Mark Cullen: Beating the Heat

From Mark Cullen’s website:

If we do hit a short dry spell you may have garden plants that are wilting before your eyes. Some plants speak to us by drooping their leaves like a child who drags their knuckles on the kitchen floor, pouting for another cookie. Plants pout too. My rudebeckia and hydrangeas pout all of the time when it is hot and dry. Like a responsible parent, I don’t always pay attention. Put another way, I don’t choose to ignore them, I just don’t respond to them in a panic.

When you do water your garden do it between sun set and sun rise as much of the water that passes through your lawn sprinkler mid day is lost to evaporation. Water deeply. Apply H2O using a slow-mo device. I made this word up to describe the wide variety of great products that are on the market designed to slowly eek water to the root zone of plants. These are designed to be economical [as they save you water] and effective [as they move water to the root zone of plants, where it is needed]. Some of the slo-mo products include:

Weeping hoses. A hose with perforations in it that allows water to seep out slowly, not in a stream but more like a sponge that oozes water when it is full. Weeping hoses are made of either a tough synthetic fabric or recycled rubber. Both work best when they are buried under 4 to 6 cm. of bark mulch. I prefer the fabric ones as they last longer under the extraordinary hose pressure that I have at my place.

Heart Breaker. This is a Canadian designed water sprinkler that pulverizes the water into a mist and delivers it low, in a circular pattern and without a ‘hallow’ effect [where a portion of the ground beneath the water being applied is missed, creating a doughnut of dryness surrounded by wet]. Look for the Mark’s Choice line up at Home Hardware.

In-ground watering systems. Watch out for these as they can waste more water than a leaky faucet. If you own one, I recommend that you turn off the timer, unless it is one of the new ‘smart timers’ that knows when it is raining and the ground is already wet. One of my pet peeves is to see lawn sprinklers blasting away while the rain is pouring down. This happens in industrial parks all of the time. Ugggh. “If I was mayor of this city….!”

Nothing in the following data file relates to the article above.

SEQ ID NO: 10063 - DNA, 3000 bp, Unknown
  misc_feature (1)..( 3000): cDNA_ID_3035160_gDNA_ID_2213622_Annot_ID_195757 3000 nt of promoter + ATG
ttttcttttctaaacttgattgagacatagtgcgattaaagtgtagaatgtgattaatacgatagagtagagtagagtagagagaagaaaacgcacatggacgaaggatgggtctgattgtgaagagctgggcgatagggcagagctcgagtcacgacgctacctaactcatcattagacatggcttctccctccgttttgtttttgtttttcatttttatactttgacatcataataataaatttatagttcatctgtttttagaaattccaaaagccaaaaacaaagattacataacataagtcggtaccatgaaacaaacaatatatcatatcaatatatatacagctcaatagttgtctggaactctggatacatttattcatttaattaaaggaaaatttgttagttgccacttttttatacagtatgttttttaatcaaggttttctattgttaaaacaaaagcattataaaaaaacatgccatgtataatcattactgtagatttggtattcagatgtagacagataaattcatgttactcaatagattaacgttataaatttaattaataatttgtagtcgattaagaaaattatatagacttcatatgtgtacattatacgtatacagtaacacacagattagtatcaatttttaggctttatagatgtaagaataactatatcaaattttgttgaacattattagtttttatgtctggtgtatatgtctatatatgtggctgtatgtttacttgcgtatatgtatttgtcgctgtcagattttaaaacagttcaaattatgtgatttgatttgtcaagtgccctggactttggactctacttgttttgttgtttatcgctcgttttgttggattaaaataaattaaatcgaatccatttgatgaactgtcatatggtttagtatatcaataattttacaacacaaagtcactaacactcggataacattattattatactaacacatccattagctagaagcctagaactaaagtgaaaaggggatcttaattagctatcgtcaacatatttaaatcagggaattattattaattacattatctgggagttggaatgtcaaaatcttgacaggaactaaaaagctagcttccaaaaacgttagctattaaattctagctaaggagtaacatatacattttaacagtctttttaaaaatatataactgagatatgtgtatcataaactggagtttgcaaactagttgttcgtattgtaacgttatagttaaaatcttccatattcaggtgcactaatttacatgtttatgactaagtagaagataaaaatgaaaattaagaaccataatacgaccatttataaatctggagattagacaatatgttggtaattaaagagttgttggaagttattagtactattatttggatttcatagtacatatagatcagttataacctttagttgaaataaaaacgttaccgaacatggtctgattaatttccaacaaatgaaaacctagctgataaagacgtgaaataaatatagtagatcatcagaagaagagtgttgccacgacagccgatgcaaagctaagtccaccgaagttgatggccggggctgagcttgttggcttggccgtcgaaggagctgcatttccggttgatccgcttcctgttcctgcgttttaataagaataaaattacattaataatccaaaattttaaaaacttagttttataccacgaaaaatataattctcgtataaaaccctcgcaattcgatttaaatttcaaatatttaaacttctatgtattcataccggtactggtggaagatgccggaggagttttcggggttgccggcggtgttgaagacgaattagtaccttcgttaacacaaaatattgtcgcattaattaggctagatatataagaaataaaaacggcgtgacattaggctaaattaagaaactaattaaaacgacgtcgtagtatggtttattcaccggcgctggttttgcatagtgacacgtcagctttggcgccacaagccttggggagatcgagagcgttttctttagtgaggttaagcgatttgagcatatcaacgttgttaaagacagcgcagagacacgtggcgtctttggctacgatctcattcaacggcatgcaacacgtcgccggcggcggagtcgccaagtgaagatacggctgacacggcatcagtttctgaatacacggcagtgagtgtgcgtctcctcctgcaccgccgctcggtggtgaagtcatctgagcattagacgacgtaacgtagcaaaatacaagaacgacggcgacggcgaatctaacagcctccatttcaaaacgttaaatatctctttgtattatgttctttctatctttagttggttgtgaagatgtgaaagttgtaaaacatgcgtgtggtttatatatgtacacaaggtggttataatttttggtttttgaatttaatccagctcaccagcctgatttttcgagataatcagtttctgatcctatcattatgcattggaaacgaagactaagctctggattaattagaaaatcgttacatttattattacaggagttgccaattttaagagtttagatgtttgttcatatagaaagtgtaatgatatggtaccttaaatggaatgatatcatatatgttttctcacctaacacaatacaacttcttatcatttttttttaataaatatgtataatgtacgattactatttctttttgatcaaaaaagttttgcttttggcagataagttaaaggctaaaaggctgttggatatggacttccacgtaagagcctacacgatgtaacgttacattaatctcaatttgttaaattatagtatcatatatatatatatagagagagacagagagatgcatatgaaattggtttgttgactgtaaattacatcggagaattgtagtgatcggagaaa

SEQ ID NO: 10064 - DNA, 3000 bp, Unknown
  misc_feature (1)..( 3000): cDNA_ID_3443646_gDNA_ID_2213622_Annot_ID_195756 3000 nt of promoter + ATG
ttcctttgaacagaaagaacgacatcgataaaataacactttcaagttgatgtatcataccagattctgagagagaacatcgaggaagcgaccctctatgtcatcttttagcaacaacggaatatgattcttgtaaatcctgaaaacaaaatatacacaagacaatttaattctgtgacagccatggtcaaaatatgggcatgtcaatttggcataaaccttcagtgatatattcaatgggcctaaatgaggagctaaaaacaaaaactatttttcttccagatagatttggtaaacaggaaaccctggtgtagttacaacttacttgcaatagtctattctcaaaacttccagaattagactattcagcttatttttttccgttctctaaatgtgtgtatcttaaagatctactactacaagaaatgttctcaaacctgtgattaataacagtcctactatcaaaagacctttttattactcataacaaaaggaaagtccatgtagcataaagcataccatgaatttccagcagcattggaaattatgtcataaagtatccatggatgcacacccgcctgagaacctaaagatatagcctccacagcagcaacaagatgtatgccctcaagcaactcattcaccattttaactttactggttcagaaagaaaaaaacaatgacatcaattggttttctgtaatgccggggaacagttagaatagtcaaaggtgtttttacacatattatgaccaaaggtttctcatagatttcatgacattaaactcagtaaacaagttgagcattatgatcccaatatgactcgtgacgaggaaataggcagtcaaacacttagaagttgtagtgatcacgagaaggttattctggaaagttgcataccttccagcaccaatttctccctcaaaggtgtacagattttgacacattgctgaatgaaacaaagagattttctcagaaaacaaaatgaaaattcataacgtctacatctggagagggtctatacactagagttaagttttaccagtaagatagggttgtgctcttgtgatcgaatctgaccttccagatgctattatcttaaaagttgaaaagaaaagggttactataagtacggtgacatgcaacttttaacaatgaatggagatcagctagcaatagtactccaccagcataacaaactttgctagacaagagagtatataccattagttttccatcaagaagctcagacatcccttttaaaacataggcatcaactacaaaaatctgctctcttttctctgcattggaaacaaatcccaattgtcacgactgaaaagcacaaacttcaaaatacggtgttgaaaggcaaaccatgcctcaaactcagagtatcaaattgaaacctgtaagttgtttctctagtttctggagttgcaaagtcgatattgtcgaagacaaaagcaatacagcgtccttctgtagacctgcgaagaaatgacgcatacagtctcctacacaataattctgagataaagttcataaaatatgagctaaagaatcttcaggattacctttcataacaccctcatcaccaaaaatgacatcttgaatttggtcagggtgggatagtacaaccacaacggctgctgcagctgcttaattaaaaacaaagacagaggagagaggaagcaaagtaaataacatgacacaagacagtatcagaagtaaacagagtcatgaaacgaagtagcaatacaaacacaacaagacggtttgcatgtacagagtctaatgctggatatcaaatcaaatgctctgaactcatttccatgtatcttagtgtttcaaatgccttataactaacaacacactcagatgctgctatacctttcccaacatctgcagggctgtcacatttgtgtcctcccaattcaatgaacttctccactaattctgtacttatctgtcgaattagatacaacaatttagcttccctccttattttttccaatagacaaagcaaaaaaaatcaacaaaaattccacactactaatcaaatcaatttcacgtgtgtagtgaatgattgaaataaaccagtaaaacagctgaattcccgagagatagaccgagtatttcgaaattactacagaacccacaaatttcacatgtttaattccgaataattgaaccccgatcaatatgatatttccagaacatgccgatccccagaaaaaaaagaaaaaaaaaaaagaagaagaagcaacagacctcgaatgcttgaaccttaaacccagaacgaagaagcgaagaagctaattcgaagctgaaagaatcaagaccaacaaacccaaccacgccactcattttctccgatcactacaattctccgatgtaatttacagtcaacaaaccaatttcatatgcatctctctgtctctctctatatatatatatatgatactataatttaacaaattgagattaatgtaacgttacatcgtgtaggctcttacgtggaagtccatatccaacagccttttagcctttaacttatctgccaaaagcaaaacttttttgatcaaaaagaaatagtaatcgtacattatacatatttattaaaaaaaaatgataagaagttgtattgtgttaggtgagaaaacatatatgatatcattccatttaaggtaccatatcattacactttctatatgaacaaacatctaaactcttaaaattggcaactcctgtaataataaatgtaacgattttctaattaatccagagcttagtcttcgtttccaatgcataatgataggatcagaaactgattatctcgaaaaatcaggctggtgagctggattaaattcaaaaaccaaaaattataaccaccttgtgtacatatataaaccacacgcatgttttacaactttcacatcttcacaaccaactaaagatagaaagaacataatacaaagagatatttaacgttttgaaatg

Turn on your in-ground lawn and garden sprinklers when the ground is dry, not until. And, I repeat, turn your lawn watering system off during a drought. It just does not make sense to try to keep a lawn active when it wants to sleep.


Forgive me for saying this once before, but it is important to know [and most people don’t] that all plants need oxygen at their root zone. When the soil around their roots dries out, the spaces between soil particles are filled with air [oxygen] and the roots are allowed to breath. This is a very good thing. Odd as it may sound more plants are killed by overwatering than underwatering. I have learned this based on more than a few years of retail gardening. I use rain-barrel water on all of my container plants and I think that their performance demonstrates the benefits very well.